It’s been a long time since my first post; well, I was busy running! On Saturday, 10th June, I completed my first “long run” for the marathon training. It was a lot of fun, with a lot of promising training sessions to follow.

I ran 5 miles the very first day! And it was a great 5 miles at that. I had started off with the intention of doing 4 miles (we were given a choice of 2, 4, or 6 miles). Here’s the originally planned 4 mile route that we were supposed to run. However, our group took a left when joining the Steven’s Creek trail from Whisman Park, instead of a right, and eventually ended up running 1 mile extra.

Surprisingly, none of us felt the burden of the additional mile. The beauty of running with such a huge group is that you are bound to find someone who runs at exactly the same pace as you, no matter how fast or slow you are. Sure enough, I found a couple of ladies who ran with me for all the 5 miles of the trail. We were chatting all the way, and before we realized it, we were done with the loop!

Honestly speaking, one of the ladies- a mentor in TNT, and who must be in her 50s, and who has run one marathon and three half marathons- was doing most of the talking. I was amazed at her fitness level. Here I was, trying to catch my breath between the running and the little talking that I was doing, and she seemed so much more at ease. I really wish that when I am her age, I can be as fit as her.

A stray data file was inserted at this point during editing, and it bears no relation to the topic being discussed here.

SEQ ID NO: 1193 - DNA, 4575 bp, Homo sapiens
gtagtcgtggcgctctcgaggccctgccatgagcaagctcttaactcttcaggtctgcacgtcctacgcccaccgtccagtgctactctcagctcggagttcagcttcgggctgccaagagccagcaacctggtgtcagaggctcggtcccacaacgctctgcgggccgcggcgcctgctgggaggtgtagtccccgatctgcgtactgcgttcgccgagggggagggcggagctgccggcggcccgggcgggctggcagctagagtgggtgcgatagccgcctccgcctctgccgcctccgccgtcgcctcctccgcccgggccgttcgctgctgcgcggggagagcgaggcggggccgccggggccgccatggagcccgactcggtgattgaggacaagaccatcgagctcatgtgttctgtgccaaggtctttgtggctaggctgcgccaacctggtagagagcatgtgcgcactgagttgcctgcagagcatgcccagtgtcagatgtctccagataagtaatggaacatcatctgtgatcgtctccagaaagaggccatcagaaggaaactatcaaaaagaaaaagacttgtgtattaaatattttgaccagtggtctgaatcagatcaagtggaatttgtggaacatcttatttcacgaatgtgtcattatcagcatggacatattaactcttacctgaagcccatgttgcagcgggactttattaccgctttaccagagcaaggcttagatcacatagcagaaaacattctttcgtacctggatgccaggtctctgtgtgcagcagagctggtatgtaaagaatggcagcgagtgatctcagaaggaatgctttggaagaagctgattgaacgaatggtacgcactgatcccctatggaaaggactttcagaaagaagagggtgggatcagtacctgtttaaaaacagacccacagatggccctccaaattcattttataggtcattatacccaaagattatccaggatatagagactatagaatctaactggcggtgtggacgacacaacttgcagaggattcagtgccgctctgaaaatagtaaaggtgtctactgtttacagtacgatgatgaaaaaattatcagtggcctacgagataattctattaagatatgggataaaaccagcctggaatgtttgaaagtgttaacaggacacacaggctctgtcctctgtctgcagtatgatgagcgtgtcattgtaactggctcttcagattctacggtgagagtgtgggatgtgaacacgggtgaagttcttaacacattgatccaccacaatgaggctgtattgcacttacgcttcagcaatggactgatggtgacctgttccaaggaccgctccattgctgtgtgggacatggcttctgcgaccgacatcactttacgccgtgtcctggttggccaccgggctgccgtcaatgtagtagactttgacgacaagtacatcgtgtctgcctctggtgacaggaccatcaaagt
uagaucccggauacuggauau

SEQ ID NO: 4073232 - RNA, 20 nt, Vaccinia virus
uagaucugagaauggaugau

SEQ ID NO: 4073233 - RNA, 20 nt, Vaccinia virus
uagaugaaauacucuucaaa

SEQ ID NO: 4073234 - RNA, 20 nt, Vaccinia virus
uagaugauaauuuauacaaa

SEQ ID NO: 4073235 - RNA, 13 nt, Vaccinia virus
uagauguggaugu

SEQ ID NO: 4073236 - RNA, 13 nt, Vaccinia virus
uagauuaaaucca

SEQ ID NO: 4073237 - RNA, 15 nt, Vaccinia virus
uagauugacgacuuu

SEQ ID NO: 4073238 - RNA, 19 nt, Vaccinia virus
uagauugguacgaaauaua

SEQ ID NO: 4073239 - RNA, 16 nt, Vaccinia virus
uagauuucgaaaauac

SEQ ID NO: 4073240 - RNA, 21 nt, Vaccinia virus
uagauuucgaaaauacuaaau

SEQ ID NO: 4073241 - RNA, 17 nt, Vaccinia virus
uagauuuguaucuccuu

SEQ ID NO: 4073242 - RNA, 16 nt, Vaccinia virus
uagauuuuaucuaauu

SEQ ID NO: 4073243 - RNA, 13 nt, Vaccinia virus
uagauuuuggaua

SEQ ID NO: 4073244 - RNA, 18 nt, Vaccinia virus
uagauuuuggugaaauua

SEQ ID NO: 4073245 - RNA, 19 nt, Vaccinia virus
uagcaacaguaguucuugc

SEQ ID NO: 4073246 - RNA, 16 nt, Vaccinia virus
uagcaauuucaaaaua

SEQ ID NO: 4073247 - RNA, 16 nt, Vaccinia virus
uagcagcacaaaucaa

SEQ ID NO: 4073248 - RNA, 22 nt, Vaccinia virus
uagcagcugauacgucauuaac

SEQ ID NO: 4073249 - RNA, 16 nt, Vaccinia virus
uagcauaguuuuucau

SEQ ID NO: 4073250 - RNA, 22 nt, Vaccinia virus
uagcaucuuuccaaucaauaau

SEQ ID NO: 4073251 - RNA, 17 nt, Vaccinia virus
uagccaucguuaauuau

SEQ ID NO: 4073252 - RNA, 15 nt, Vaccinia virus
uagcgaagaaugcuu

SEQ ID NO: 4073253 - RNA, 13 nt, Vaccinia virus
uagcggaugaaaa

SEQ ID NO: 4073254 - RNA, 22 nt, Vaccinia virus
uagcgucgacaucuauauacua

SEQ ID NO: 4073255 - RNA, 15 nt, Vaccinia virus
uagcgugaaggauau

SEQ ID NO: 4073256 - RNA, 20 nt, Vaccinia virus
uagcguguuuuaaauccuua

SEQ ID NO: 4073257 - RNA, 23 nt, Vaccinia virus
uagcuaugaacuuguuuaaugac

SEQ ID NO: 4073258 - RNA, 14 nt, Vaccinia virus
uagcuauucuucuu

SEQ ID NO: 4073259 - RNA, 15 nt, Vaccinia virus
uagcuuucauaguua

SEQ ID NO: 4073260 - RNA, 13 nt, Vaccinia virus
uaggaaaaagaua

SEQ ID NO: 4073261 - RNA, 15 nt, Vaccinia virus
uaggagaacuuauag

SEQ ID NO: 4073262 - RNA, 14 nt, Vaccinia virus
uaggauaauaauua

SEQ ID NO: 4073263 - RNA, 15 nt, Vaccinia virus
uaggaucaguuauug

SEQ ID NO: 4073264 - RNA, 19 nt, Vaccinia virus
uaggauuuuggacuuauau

The next long run will be a 6 mile run. I will write in more detail about the training schedule that we are supposed to follow until the marathon, in future posts.


  1. Pradnya

    I guess these experienced people are just quite comfortable with talking while running. I am not all that used to it, but I can manage to keep a conversation going. About performance- at least during the long runs, since timing is not that very important, I guess people are okay with talking. Once we start the tempo runs, we might see less of the talking.

  2. Rohit

    You are absolutely right pradnya, you should definitely talk during the long runs … that also indicates that you are running at a comfortable enough pace and not overstraining and risking injury … for tempo and speed runs, you are probably running at 90% of max effort so most folks don’t spend the effort to talk.

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